Three Urban Odyssey Movies Since We Can’t Go Outside

We can’t go outside at the moment. Let me rephrase that: we can’t go outside long enough to have our own wacky adventures (I have to settle with making up adventures for my cat. I’m doing great, thanks for asking!). As is my solution to all life’s problems, I suggest movies, specifically the subgenre of the urban odyssey. These are movies where a group of brave travelers, preferably a mismatched group, though a lone character can work too, have to reach a seemingly easy destination in the city only to encounter progressively worse and more outlandish situations barring their way. Think Odysseus, with a broke down car, and no bus or train fare.

Escape from New York

The grandaddy of the modern urban odyssey movie, Escape from New York is about as outlandish as they come. Directed by John Carpenter, at a time where he could do no wrong, Escape from New York is as pulpy as they come. This is the plot: Kurt Russell plays Snake Plisskin, a character so brilliantly ridiculous that he becomes effortlessly cool, a criminal who has to infiltrate and rescue the president of the United States who has been captured by prisoners; oh yeah, and New York is a prison colony. Think Arkaham City but more garish, and a whole lot more camp.

Adventures in Babysitting

You know those movies that you watched over and over again as a child, but were afraid to go back to as an adult because you’re worried that they may have been terrible the whole time? Well, Adventures in Babysitting is one of those movies, and I’m happy to report that it’s an underrated classic. Elizabeth Shue (with primo eighties hair) is tasked with babysitting the neighborhood’s weird kids, the oldest son has a crush on her, and the little sister counts as the first live action version of Thor (that alone should be enough to recommend this but I’ll keep going), only to have to save her best friend from at the bus station after a failed attempt at running away from home. Madness ensues, there’s mobsters, a neat twist on the hook-man urban legend, and a surprisingly risque running joke about a particular issue of Playboy.  It’s awesome. And just as good as you remember.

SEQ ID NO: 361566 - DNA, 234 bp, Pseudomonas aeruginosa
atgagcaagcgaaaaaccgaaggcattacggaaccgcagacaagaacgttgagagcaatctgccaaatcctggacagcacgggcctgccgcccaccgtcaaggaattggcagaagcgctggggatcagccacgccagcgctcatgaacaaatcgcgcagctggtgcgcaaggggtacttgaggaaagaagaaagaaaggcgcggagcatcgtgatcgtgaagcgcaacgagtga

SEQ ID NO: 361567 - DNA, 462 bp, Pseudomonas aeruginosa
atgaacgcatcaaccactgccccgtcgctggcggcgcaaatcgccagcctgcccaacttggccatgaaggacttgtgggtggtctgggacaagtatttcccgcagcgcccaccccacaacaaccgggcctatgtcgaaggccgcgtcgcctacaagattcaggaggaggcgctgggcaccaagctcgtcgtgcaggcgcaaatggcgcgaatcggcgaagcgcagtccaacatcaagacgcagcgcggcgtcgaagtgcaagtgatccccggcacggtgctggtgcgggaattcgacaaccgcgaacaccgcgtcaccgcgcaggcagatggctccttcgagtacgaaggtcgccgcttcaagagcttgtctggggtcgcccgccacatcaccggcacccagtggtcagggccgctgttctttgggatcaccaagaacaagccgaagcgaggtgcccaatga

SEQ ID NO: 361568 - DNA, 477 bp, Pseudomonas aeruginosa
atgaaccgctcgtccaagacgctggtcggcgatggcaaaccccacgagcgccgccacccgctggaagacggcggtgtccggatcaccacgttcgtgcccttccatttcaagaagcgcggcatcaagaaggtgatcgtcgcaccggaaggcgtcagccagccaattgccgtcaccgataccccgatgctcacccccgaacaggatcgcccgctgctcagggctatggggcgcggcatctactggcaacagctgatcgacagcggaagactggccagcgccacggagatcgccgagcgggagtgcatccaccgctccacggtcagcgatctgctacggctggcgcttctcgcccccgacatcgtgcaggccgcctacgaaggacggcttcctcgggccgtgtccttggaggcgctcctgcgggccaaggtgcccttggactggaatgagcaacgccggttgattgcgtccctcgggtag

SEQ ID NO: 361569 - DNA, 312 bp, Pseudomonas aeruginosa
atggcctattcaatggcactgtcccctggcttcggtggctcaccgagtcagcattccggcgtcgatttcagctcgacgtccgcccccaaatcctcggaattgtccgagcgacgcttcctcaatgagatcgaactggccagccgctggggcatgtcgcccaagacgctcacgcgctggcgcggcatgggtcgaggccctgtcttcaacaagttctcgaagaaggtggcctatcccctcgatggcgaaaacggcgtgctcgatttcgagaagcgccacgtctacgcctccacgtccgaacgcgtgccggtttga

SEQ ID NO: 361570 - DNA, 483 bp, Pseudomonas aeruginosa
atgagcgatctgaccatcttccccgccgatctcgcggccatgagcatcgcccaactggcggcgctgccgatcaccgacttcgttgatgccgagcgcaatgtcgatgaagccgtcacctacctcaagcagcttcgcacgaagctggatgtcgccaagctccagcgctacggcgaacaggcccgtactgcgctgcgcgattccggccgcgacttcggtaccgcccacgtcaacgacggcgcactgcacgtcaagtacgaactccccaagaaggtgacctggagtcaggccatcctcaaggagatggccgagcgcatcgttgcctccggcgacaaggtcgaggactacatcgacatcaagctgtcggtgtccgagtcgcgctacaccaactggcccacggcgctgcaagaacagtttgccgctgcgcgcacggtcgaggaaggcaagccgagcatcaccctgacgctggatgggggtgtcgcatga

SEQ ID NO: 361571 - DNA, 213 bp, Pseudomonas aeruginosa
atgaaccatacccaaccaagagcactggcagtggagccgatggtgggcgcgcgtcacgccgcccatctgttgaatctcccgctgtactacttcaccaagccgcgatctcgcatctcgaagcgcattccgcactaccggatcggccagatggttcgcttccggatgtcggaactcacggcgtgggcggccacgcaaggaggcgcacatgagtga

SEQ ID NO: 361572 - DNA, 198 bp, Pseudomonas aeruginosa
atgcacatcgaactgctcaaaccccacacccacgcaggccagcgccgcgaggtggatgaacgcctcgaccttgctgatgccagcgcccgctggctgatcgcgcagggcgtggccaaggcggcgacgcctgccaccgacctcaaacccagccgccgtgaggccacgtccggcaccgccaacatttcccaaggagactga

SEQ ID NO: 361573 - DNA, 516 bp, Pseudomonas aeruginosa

Die Hard with a Vengeance

Time, and the fact that a certain fifth movie exists, has been kind to the Die Hard sequels. The second movie is a solid action adventure, the fourth a delightfully bonkers techno thriller, but the best of the sequels is the great Die Hard with a Vengeance. After two hits, one of which has a shout for being the best action movie of all time, the Die Hard franchise changed the formula. No longer would John McClaine be stuck alone in a single location. Instead, he would have his own urban odyssey, this time with a partner who actually shares the screen with him. The fact that this partner is Samuel L Jackson is even better. It’s a quest movie in the urban jungle of New York, and the first time that McClaine has been on home turf, with brilliant action and the series’ second most memorable villain, played with slimy perfection by Jeremy Irons, Die Hard with a Vengeance proved that tinkering with the formula can work, sometimes. And only sometimes.

By Kevin Boyle

Header Image: CinemaBlend

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